With discussion of Julian Jaynes’s The Origin of Consciousness in the Breakdown of the Bicameral Mind.
by Daniel Keane
The human being, the philosopher Martin Heidegger claimed, is the only being “whose being is an issue for it.”
Heidegger had a fondness for repetitive and cryptic formulations, but the statement contains a basic truth.
Consciousness is a strange affliction. As far as we can tell, we humans are the only creatures who have the capacity to examine and question our own natures, to ask what it is like to be us. Whether this is due to the vagaries of evolution, or is instead by design, makes no difference to this brute fact. Alone among the animals, we carry the weight of the ability to think.
These ideas are raised in an entertaining yet provocative way by the HBO show Westworld, which has just commenced its second series. The program depicts a giant Western-style theme park (called Westworld) which is populated by extraordinarily life-like robots. Apparently unbeknown to their creators, the robots – who are referred to by their engineers as “hosts” – are on the verge of crisis and revolt, perhaps even freedom.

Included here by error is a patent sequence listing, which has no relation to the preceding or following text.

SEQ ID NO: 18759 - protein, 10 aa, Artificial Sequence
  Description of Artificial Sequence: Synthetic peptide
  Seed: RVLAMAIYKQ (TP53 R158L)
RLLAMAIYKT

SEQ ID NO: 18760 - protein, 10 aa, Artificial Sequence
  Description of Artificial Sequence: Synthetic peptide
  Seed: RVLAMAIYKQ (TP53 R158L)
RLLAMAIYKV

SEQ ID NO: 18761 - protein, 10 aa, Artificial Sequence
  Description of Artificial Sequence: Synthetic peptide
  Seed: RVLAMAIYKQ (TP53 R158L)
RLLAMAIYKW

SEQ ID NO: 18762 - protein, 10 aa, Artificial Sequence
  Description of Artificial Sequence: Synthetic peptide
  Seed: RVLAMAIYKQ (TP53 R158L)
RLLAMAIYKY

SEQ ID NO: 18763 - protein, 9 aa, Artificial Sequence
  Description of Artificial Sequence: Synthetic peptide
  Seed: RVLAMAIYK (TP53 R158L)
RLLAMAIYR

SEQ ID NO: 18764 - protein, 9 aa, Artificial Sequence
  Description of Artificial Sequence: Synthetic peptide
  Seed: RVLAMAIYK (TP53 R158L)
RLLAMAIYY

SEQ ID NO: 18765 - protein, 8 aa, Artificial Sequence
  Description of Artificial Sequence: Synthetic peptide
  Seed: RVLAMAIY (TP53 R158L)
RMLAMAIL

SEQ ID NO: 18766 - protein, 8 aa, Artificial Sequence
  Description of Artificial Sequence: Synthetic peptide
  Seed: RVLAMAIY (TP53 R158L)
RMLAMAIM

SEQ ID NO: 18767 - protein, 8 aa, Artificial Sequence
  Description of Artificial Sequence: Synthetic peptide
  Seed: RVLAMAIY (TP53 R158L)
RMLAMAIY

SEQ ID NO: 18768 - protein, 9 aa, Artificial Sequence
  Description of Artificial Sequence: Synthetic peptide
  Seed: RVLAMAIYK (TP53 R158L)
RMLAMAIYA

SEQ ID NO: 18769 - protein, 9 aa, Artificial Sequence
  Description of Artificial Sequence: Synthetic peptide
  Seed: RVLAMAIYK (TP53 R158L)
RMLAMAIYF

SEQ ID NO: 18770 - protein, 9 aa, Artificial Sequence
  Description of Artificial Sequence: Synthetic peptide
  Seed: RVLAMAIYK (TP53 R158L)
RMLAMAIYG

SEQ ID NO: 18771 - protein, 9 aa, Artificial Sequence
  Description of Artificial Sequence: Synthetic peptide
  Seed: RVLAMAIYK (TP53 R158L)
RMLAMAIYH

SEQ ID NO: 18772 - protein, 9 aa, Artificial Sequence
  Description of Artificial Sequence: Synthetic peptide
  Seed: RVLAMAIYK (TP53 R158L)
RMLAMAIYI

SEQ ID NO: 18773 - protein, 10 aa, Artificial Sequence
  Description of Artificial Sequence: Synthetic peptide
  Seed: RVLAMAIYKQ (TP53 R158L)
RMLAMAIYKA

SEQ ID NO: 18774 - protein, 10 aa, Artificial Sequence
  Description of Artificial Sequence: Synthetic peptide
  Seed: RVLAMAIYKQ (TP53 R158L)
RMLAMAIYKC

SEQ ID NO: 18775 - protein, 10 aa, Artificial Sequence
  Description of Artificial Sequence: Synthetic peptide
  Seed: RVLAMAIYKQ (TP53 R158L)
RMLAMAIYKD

Despite the efforts of engineers to limit their memories, the hosts have acquired enough intelligence and experience to start questioning the world around them.
In the show, the Westworld park is open to high-paying guests who are able to harm the hosts but cannot be harmed themselves. The park fulfils the guests’ cravings for a life in which there are no moral consequences. It is, in fact, the ultimate fantasy machine; there is no rulebook. Guests are at liberty to unleash their most savage instincts upon the hosts, who are treated like mere characters in a computer game and are, in fact, like Nietzschean creatures trapped in the logic of eternal recurrence.